These past couple weeks I have been learning all about how to use a letterpress machine in my Advanced Typography class, and it has been quite an adventure. We got to go down to my professor Chris Medley‘s shop, The Workshop, here in downtown Scranton, and use her letterpress and type to make some cool art. I already was a huge fan of typography, so I was very excited to go. I ended up making some cool coasters for my apartment and a couple cool prints on cardstock during the week!
I never realized how complex the process was to make a print, and although I am nowhere near being a pro at it I feel like I am starting to get the hang of it. You think it would be simple to stamp the designs and line up all the pieces you want no problem, but it is definitely not that easy. For starters, you have to line up all of your pieces backwards so that it will print the right side up. As an exercise for class, we had to put together the first stanza of an Emily Dickinson poem, and lining up all those words backwards was quite the challenge. Also, since I was looking at the type backwards it was very easy to mix up my p’s, b’s, and d’s.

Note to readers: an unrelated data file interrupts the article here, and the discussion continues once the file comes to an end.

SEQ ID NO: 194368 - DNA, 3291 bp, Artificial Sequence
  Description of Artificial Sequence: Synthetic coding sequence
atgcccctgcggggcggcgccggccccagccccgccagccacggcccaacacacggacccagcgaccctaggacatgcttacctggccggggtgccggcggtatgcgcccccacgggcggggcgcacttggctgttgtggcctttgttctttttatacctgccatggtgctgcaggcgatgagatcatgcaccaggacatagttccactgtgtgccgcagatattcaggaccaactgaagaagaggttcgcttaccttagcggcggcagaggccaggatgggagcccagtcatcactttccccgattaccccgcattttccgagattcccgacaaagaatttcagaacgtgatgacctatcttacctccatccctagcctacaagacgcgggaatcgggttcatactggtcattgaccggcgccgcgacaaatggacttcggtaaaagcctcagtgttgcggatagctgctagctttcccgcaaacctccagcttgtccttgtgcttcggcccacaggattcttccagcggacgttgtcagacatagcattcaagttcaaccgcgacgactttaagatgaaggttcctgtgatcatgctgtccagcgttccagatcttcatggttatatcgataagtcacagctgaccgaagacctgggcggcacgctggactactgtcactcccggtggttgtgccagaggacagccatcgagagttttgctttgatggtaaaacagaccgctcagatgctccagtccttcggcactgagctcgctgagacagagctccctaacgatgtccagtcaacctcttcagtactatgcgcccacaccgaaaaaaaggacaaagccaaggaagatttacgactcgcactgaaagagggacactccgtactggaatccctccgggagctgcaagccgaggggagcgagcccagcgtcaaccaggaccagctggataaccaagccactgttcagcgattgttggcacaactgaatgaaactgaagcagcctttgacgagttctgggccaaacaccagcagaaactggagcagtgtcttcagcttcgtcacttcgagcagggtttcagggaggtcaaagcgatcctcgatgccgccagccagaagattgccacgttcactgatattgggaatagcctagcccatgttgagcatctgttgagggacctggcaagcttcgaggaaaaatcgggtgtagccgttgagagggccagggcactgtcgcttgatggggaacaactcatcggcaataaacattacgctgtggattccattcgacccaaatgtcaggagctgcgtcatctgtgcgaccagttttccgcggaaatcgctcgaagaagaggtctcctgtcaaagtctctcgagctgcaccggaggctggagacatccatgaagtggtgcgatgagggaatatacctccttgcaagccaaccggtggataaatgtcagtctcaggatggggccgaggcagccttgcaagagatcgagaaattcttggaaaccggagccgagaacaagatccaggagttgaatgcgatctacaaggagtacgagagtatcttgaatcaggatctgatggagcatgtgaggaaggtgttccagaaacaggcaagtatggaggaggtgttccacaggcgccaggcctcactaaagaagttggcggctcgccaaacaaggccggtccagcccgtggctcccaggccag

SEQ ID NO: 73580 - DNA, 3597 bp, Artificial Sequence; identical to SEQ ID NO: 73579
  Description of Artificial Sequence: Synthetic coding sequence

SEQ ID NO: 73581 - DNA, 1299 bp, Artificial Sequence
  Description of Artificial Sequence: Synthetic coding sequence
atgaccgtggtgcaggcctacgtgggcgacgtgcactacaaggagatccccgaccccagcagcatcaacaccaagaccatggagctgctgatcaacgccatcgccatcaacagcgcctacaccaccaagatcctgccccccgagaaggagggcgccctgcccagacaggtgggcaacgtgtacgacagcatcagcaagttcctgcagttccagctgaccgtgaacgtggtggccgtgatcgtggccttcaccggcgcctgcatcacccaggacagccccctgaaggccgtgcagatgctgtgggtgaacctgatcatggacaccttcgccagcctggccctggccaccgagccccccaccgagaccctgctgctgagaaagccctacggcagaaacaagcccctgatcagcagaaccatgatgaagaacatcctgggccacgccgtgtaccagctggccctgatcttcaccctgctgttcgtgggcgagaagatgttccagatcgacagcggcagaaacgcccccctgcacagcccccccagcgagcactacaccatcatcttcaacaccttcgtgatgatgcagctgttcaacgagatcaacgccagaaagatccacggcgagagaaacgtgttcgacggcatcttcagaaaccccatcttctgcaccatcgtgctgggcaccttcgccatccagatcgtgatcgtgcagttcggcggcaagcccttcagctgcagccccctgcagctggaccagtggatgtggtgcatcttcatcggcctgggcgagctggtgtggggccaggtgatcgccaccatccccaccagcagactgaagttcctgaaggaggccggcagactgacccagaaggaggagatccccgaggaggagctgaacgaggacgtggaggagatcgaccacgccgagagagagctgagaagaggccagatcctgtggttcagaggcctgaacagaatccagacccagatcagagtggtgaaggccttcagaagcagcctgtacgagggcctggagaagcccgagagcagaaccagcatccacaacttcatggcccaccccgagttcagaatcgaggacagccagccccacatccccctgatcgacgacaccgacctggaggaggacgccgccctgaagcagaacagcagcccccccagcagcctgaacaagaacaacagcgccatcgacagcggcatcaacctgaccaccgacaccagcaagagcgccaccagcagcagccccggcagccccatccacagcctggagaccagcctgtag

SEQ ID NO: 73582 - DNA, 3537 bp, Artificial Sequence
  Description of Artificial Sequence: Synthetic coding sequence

It is also a very tedious process when it comes to the letterpress because you have to spend a good amount of your time searching for all of your type, and then even more time putting it all away in the right spots. You have to fit all the spacing just right too using wood and metal blocks, otherwise the entire piece will just fall apart. I’m also not the best at lining up paper evenly, and you have to trust your instincts and estimate the correct spot for your paper every time so it took me a while to finally get it right. For each piece I ended up printing over ten copies just to make sure I could get at lest one really good version. Using the letterpress was overall a very fun experience, and I really hope I get another chance to go back and make some more pieces of art!